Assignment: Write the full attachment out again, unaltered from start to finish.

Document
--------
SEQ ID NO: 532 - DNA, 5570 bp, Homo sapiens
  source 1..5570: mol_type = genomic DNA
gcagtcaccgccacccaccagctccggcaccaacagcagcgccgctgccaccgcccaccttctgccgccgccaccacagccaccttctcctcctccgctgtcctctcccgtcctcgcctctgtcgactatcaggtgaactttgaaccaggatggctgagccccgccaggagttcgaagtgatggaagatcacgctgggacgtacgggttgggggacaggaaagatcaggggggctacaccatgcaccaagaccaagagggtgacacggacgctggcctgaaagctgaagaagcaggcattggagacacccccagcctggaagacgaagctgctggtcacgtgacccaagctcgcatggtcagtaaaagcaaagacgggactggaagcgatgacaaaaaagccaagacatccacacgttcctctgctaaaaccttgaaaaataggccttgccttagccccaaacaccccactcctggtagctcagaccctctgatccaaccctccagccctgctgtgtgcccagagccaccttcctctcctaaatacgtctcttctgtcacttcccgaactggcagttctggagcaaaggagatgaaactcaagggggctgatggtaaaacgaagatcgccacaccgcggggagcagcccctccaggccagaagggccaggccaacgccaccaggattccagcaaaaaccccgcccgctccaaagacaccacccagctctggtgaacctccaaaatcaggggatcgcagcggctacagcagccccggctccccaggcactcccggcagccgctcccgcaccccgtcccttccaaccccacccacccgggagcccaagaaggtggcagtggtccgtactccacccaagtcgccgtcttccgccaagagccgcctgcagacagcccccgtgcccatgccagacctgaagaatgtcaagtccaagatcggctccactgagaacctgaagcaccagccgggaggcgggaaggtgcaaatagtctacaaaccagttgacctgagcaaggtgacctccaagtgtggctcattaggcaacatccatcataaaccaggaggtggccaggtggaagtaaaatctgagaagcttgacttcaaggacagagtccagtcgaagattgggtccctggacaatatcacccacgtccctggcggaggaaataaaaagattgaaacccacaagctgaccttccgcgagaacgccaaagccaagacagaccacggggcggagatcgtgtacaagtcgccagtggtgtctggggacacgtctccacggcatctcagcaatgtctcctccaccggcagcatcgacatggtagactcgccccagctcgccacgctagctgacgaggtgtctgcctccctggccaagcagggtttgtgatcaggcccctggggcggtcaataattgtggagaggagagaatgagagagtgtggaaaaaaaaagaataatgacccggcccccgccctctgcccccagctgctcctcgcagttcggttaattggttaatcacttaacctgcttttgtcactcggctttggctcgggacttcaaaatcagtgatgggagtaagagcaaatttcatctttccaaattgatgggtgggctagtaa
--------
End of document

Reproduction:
SEQ ID NO: 532 - DNA, 5570 bp, Homo sapiens
  source 1..5570: mol_type = genomic DNA
gcagtcaccgccacccaccagctccggcaccaacagcagcgccgctgccaccgcccaccttctgccgccgccaccacagccaccttctcctcctccgctgtcctctcccgtcctcgcctctgtcgactatcaggtgaactttgaaccaggatggctgagccccgccaggagttcgaagtgatggaagatcacgctgggacgtacgggttgggggacaggaaagatcaggggggctacaccatgcaccaagaccaagagggtgacacggacgctggcctgaaagctgaagaagcaggcattggagacacccccagcctggaagacgaagctgctggtcacgtgacccaagctcgcatggtcagtaaaagcaaagacgggactggaagcgatgacaaaaaagccaagacatccacacgttcctctgctaaaaccttgaaaaataggccttgccttagccccaaacaccccactcctggtagctcagaccctctgatccaaccctccagccctgctgtgtgcccagagccaccttcctctcctaaatacgtctcttctgtcacttcccgaactggcagttctggagcaaaggagatgaaactcaagggggctgatggtaaaacgaagatcgccacaccgcggggagcagcccctccaggccagaagggccaggccaacgccaccaggattccagcaaaaaccccgcccgctccaaagacaccacccagctctggtgaacctccaaaatcaggggatcgcagcggctacagcagccccggctccccaggcactcccggcagccgctcccgcaccccgtcccttccaaccccacccacccgggagcccaagaaggtggcagtggtccgtactccacccaagtcgccgtcttccgccaagagccgcctgcagacagcccccgtgcccatgccagacctgaagaatgtcaagtccaagatcggctccactgagaacctgaagcaccagccgggaggcgggaaggtgcaaatagtctacaaaccagttgacctgagcaaggtgacctccaagtgtggctcattaggcaacatccatcataaaccaggaggtggccaggtggaagtaaaatctgagaagcttgacttcaaggacagagtccagtcgaagattgggtccctggacaatatcacccacgtccctggcggaggaaataaaaagattgaaacccacaagctgaccttccgcgagaacgccaaagccaagacagaccacggggcggagatcgtgtacaagtcgccagtggtgtctggggacacgtctccacggcatctcagcaatgtctcctccaccggcagcatcgacatggtagactcgccccagctcgccacgctagctgacgaggtgtctgcctccctggccaagcagggtttgtgatcaggcccctggggcggtcaataattgtggagaggagagaatgagagagtgtggaaaaaaaaagaataatgacccggcccccgccctctgcccccagctgctcctcgcagttcggttaattggttaatcacttaacctgcttttgtcactcggctttggctcgggacttcaaaatcagtgatgggagtaagagcaaatttcatctttccaaattgatgggtgggctagtaa